“…the palpable sense of tension and desperation that builds so ominously, is expertly enhanced by Bryony Marks’ sparingly applied, rather eerie soundtrack.”
Almost all of the feedback that I’ve heard since seeing Cate Shortland’s Berlin Syndrome (some weeks back now), has been in some way negative, and quite frankly I find that baffling.
Shortland’s film – based upon Melanie Joosten’s novel, with a screenplay by Shaun Grant – tells the tale of a young Australian photojournalist, Clare (Teresa Palmer), on holiday in Berlin. Here she falls for a quietly charming Berliner, Andi (Max Riemelt), and a holiday romance quickly blossoms.
As with all good holidays though, Clare’s quickly comes to an end, and having waved goodbye to her Berlin beau, she reluctantly prepares to move on. Unable to quite bring herself to leave, however, Clare performs a swift u-turn and surprises Andi by extending her stay a little longer, and they spend one final passionate night in Andi’s apartment.
The following morning, with Andi having gone to work, Clare gathers her things and prepares once again to leave. Only, she can’t. The apartment has been locked. With no spare key and having exhausted all other possibilities, Clare resigns herself to a further day in Andi’s apartment until he returns from work.
Clare will wait patiently until the evening. They will laugh about the unfortunate mix up, and she will then head off that evening.
Or so she thinks.
Berlin Syndrome is, more than anything, a refreshingly original take on the whole ‘kidnap’ film genre, exploring this concept from both the victim and the perpetrator’s point of view. What initially appears to be something of a mutually exciting rendezvous, quickly dissolves into something of a toxic partnership; a free spirit unfortunate to find herself seduced by a troubled man with a very genuine antisocial personality disorder.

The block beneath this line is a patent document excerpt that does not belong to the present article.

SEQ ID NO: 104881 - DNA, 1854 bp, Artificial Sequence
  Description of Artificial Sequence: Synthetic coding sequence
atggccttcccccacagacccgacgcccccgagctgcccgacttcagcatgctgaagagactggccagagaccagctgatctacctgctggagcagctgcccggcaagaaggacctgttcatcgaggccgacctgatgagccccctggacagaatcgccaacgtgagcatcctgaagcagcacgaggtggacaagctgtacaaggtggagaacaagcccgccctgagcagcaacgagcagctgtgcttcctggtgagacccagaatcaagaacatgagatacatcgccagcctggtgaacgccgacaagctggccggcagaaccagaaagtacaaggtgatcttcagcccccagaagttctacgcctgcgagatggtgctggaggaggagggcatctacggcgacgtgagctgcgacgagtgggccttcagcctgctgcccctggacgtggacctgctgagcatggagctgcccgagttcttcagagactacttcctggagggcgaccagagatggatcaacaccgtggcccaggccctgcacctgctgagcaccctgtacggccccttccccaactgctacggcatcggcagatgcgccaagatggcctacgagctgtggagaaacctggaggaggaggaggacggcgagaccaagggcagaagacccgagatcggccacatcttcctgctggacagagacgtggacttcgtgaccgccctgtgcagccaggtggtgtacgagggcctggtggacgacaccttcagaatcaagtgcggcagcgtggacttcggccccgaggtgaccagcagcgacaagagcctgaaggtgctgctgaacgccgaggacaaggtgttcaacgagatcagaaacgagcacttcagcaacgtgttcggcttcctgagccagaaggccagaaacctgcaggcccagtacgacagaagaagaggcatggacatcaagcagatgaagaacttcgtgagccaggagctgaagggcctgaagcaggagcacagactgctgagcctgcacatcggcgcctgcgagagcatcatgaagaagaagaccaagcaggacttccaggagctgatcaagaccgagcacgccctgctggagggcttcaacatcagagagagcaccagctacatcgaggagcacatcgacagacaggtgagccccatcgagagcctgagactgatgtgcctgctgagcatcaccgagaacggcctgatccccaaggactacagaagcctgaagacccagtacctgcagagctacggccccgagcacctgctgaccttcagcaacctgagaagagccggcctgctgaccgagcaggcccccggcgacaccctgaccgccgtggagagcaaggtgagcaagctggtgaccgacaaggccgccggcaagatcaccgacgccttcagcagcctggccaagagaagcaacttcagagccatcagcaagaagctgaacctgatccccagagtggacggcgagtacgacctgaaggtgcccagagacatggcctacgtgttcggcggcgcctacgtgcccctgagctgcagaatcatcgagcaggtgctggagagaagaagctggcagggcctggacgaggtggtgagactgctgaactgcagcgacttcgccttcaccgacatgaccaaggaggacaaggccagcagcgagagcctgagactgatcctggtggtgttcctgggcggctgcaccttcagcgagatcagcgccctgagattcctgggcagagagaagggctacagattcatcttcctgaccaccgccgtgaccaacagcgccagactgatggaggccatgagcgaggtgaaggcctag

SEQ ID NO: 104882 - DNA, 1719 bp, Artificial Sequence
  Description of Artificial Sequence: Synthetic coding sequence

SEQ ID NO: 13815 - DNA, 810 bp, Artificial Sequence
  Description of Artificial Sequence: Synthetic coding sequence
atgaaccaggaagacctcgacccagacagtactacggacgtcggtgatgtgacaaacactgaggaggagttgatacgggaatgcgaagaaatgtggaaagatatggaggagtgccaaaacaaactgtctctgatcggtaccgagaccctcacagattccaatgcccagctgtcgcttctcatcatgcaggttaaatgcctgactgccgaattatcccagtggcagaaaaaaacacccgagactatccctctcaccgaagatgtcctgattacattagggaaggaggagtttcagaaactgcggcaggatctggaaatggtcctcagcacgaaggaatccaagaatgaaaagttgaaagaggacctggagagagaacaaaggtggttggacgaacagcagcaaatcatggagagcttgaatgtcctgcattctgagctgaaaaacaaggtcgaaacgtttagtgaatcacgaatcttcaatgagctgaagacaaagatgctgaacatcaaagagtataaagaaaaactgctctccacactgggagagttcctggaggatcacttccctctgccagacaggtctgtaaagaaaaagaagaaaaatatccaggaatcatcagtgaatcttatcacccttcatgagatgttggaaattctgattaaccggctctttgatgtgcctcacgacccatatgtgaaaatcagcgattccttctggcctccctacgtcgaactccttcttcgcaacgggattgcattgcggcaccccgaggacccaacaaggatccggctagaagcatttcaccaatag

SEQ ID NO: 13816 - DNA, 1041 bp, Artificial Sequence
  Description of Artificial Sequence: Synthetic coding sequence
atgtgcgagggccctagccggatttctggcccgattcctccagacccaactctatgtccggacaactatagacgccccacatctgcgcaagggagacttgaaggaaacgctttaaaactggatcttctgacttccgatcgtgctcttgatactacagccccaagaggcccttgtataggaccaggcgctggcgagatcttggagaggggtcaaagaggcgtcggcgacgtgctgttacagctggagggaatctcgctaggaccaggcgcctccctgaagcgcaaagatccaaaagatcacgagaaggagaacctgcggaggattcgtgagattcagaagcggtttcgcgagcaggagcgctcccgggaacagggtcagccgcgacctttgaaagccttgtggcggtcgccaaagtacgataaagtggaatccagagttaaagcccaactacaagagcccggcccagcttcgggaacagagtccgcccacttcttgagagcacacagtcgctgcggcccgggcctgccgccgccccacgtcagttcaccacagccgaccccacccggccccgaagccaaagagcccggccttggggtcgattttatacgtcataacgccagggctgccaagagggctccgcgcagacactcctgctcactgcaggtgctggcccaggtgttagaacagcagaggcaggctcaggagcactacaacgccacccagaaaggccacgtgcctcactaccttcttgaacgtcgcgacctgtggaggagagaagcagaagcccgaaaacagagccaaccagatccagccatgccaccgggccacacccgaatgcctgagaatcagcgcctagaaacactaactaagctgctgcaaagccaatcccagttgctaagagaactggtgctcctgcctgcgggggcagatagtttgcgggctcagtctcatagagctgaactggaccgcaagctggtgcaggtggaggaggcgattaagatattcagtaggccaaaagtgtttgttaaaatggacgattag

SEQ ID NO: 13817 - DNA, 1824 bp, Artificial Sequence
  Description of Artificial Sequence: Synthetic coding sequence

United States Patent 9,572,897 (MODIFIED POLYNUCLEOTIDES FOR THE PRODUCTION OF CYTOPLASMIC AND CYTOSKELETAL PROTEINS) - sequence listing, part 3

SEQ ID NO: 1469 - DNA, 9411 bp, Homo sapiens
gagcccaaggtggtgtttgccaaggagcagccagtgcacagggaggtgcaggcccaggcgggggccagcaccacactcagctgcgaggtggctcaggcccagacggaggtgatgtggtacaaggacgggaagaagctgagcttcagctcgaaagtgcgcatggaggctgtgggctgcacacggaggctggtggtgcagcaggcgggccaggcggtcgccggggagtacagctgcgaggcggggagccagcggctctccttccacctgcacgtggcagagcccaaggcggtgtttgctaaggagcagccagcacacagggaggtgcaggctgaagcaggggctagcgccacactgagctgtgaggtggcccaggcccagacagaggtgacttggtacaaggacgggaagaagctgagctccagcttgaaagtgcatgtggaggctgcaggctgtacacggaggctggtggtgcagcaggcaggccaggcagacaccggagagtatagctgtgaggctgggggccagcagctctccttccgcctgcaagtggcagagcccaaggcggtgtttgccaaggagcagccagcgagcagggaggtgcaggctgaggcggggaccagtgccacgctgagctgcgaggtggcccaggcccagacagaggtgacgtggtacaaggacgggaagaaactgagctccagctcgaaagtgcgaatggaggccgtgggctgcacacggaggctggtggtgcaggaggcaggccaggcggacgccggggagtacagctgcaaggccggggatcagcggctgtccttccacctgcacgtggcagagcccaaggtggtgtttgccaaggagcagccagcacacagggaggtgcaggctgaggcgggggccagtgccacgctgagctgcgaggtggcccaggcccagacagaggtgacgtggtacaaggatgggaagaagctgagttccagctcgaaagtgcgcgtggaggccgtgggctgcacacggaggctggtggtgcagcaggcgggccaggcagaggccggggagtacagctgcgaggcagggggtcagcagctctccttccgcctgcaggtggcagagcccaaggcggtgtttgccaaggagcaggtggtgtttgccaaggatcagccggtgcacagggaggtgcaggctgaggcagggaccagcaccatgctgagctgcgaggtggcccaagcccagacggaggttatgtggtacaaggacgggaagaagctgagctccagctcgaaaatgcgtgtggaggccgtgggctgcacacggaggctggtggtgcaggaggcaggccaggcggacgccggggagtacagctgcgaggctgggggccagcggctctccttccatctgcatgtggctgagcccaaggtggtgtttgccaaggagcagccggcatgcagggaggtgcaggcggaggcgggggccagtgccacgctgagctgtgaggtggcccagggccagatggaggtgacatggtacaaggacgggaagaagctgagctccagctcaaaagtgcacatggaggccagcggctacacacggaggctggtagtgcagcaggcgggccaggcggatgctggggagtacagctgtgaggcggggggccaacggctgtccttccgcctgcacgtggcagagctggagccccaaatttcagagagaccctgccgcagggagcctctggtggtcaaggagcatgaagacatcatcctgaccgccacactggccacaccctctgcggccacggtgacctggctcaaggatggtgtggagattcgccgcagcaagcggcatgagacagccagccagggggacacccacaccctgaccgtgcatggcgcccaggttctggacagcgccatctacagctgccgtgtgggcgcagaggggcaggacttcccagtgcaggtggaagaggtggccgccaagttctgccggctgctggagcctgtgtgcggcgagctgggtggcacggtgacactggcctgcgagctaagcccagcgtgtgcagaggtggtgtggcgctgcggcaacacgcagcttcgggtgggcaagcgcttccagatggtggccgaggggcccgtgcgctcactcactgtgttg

From short-term lover to distressed prisoner, to resigned captive, Clare goes through the entire gamut of emotions, trying in vain not only to escape her imprisonment, but given the hopelessness of her predicament, to also come to terms with her lot.
Andi on the other hand, far from being painted to be some sort of mysterious, one-dimensional Nosferatu type, is observed going about his daily business as a teacher and dutiful family member; a repetitive routine built upon an enormous lie which, on admitting to his work colleagues that he has a new girlfriend, becomes increasingly difficult to maintain. Clare’s continued non-appearance at social functions sparks suspicions and doubts within the minds of Andi’s colleagues as to whether she even exists at all.
Andi’s assessment of his relationship – and indeed even what constitutes a relationship in the first place – is bordering on tunnel-visioned and autistic in its single-mindedness. Somehow justifying everything in his own mind, he ignores Clare’s repeated, somewhat peripheral (to him) cries for help and pleas for mercy.
Considering the remote location of Andi’s apartment and his attention to the very smallest of details when it comes to keeping his ‘prison’ secure, if Clare is to ever escape, it’s going to take something particularly imaginative.
Gradually, however, with the passing of time, Clare’s omnipresent hopes of escape gradually diminish, whilst her reliance upon and empathy towards her captor steadily intensifies.
Shortland’s piece is a fascinating glimpse at this most dysfunctional of ‘relationships’, built as it is upon distress, delusion, reluctant acceptance and outright fear. Rarely if ever does Shortland resort to sensationalism, adopting instead an approach that is subtle and thought-provoking, steering almost entirely away from the predictable or clichéd. And the palpable sense of tension and desperation that builds so ominously, is expertly enhanced by Bryony Marks’ sparingly-applied, rather eerie soundtrack.
Teresa Palmer is excellent portraying this particular damsel in distress, whilst Max Riemelt’s turn as the unpredictable, insecure, Andi, is cold, aloof and lacking in compassion – exactly what’s required.
Berlin Syndrome doesnt’ necessarily redefine the genre of ‘kidnap cinema’, but through its clever exploration of both the captor and the captive, and of the rather muddled grey area that constitutes the awkward ‘bond’ between them, it provides a refreshingly honest dose of bleak realism in this well-balanced, uber-tense and compelling tale.